Written by Dr. Marcelle Landestoy, DVM
Golden Retrievers are one of the most popular dog breeds in the United States, ranking third on the American Kennel Club’s list as of 2018.
And no wonder: They’re cute, fluffy, and great to have around the house.
However, you may have also heard that this breed barks a lot, so you may have come here wondering if that’s true.
Are Labrador Retrievers Known for Barking Too Much?
Why Do Dogs Bark?
Dogs bark for various reasons, such as hunger, needing to go to the bathroom, separation anxiety, and the presence of other dogs. Their barks may also vary depending on their age, gender, and whether they have any health issues.
Below, I’ll go into more detail on each of the reasons dogs bark, other than their age, gender, and health issues (which will be covered in later sections).
Dogs Bark Because They are Hungry
If you haven’t fed your Golden in 24 hours, chances are their barking is due to their hunger.
Dogs know that they can get rewards for certain barks, and food may be one of them.
But if you give your dog food and they’re not eating, there might be another reason for their barking.
Dogs Bark Because They Need To Go to the Bathroom
Like with their meals, Golden Retrievers need to relieve themselves at least once a day.
If your Golden hasn’t answered the call of nature in a while, it’s possible their barking is a way to tell you that they need to go to the bathroom.
In that case, take them to the nearest area where they can do their business without interrupting others.
Dogs Bark When They Are Alone For Too Long
Dogs can get separation anxiety when they’re left alone for too long.
They may do this out of frustration, fear, or want the reward of you hearing them and paying attention to them.
If you notice that your Golden barks every time you’re away from home, they might be suffering separation anxiety, and you should probably ask a vet for help.
Dogs Bark When They Hear Other Dogs Bark
Dogs communicate with each other by barking.
There are many reasons your dog might bark at other dogs, including the following:
- Dogs may bark at other dogs out of fear. Dogs can express their anxiety to other dogs if they get into a situation where they’re not comfortable. For example, they may feel that the other dog poses a danger to them somehow. In that case, you’d do well to get your Golden away from the other dog as far (and as soon) as possible.
- Your dog may copy other dogs barking. Dogs are very social animals, so if they hear other dogs barking, they may want to join in on the party. They like to have a good time with their friends just like people do, and if they hear a neighbor’s dog barking, they may communicate with them accordingly.
- If your dog thinks they need to protect you, they might bark at other dogs. As I said earlier, it’s common for dogs to bark at other dogs if they sense a threat. Your dog may be warning another dog not to get too close to their pet parent if they feel any danger.
Barking Behavior by Age
What qualifies as normal barking behavior varies depending on the age of the Golden Retriever.
When Goldens are younger, their verbal cues differ from an older dog’s.
Puppies are still learning how to communicate and have a different energy level than their adult counterparts.
Golden Retrievers bark the most when they’re young.
The primary reason Golden puppies bark is to get their parents’ attention.
These pups need a great deal of affection, play, and attention from their family, especially when they’re small and vulnerable.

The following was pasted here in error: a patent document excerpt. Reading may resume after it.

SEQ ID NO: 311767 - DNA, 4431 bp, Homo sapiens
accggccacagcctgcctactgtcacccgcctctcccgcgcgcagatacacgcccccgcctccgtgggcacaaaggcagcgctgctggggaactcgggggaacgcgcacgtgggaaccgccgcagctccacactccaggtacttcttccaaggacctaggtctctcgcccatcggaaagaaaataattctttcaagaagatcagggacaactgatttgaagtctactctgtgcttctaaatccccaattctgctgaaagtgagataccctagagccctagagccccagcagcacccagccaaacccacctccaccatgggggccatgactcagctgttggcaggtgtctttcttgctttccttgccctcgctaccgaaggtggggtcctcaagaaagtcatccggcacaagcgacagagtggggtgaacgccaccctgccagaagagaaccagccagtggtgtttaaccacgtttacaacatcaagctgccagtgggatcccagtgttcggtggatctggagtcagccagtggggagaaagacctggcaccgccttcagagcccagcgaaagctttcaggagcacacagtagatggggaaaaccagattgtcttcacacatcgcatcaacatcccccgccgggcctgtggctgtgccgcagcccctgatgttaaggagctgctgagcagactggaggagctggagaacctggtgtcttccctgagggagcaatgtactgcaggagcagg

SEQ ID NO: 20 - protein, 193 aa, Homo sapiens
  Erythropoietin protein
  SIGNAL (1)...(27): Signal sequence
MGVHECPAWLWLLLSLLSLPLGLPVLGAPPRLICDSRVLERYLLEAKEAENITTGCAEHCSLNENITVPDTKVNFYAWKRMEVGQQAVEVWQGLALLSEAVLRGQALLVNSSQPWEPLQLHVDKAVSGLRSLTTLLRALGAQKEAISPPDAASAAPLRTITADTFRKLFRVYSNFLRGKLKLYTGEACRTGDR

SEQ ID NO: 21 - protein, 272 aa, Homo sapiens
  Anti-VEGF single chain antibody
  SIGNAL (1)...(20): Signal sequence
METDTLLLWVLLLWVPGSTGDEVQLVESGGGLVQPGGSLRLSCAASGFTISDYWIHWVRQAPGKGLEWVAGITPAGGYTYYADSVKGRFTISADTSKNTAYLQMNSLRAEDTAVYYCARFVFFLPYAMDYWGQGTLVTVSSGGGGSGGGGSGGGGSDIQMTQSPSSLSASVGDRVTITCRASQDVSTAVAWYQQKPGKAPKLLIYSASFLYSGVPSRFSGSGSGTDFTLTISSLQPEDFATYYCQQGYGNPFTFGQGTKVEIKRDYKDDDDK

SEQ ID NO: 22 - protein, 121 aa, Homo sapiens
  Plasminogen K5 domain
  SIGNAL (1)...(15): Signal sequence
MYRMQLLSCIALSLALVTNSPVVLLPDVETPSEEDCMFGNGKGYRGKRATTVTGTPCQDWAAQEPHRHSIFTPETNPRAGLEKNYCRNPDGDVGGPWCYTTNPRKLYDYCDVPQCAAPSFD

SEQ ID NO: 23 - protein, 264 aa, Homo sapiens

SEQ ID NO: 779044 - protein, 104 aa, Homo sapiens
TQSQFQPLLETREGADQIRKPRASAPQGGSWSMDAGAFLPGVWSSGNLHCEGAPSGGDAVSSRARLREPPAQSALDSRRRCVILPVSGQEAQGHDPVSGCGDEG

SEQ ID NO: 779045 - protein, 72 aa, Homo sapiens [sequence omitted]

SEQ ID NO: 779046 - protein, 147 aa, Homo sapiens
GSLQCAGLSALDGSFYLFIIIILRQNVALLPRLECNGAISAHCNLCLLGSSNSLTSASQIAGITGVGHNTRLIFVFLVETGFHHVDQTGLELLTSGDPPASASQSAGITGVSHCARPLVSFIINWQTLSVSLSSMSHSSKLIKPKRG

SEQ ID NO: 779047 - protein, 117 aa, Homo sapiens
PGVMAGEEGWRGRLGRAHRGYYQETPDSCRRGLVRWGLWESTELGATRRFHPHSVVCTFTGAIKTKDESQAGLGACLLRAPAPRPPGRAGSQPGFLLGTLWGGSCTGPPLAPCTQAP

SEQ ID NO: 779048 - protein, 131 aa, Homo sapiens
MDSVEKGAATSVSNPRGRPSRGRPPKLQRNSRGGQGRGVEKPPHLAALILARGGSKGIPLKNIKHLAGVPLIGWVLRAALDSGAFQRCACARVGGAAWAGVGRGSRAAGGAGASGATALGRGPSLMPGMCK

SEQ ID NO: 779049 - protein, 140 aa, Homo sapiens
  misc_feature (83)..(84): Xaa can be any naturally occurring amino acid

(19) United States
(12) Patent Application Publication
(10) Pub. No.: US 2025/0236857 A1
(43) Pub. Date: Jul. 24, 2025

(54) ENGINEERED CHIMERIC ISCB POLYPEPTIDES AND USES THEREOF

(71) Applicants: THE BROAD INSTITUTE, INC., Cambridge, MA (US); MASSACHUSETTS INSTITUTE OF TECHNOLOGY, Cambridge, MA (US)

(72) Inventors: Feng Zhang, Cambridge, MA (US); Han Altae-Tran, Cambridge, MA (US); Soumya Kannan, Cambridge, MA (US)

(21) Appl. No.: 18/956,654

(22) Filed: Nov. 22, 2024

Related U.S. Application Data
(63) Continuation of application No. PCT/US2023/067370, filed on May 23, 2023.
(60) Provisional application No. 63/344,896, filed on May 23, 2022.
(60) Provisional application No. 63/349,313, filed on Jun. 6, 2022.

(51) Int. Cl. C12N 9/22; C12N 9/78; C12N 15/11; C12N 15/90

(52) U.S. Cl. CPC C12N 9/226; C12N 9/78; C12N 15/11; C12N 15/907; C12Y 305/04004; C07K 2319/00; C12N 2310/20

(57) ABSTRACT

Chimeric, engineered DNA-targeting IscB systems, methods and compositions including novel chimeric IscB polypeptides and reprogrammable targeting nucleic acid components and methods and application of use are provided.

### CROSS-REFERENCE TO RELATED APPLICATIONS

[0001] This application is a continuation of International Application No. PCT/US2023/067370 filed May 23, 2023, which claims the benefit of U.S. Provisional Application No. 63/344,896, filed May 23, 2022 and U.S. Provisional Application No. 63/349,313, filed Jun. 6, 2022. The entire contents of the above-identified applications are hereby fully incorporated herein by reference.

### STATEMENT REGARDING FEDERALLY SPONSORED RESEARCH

Your Golden puppy will want to run and play with you now and then, so if they feel like they aren’t getting their pet parent’s full attention, they will let you know by barking.
If your Golden puppy is barking at you, it’s normal as they want to let you know how much they love you.
Adult Golden Retrievers tend to be less vocal than puppies.
But they will still let you know when they need your attention.
Compared to their younger counterparts, they’re a bit better at expressing what they need from their pet parents.
When it comes to adult Goldens, pay attention to the tone of their bark, how often they bark, and whether there’s been a sudden change in barking behavior.
Anything unusual with these may indicate health problems that warrant the help of a veterinarian.
Barking Behavior by Gender
Golden Retrievers may also exhibit different behaviors depending on their gender.
Males mature a little slower than females, which becomes apparent through behaviors like barking.
For more information on the differences between male and female Goldens, watch the YouTube video below:
Male Golden Retrievers tend to keep their puppy energy longer than females do.
They’re more interested in playing and will let you about know this through verbal cues like barking.
Males have boundless energy, and they may bark if they’re not getting enough exercise or are left alone for too long.
Because the males tend to be bigger than females, their barks are also louder.
In other words, just because the bark is loud doesn’t necessarily mean it’s a bad sign.
Male Golden Retrievers may bark louder, but females may bark more.
That’s because female Goldens tend to mature faster and have different emotional and social triggers for barking.
Because they’re more mature, they’re also more independent than males.
What Can Cause Excessive Barking in Golden Retrievers?
Excessive barking in Golden Retrievers is often because they want to get their pet parent’s attention for exercise and play. They may also bark due to the presence of another dog in the house. Otherwise, they are not frequent barkers.
Generally, Golden Retrievers don’t bark due to minor environmental changes like other dogs do.
But if your dog is getting appropriate attention and is barking more often than usual, you should also consider when the barking began and whether it’s a sign of health problems.
When Did the Barking Begin?
If your Golden Retriever started barking recently, consider what changed in the dog’s environment. For example, you may no longer be giving your dog as much attention as you used to. A new dog or child might also be causing your Golden to bark more than usual.
Therefore, make sure you set aside ample time to play with your dog.
Shower them with attention and exercise because that’s very important for golden retrievers.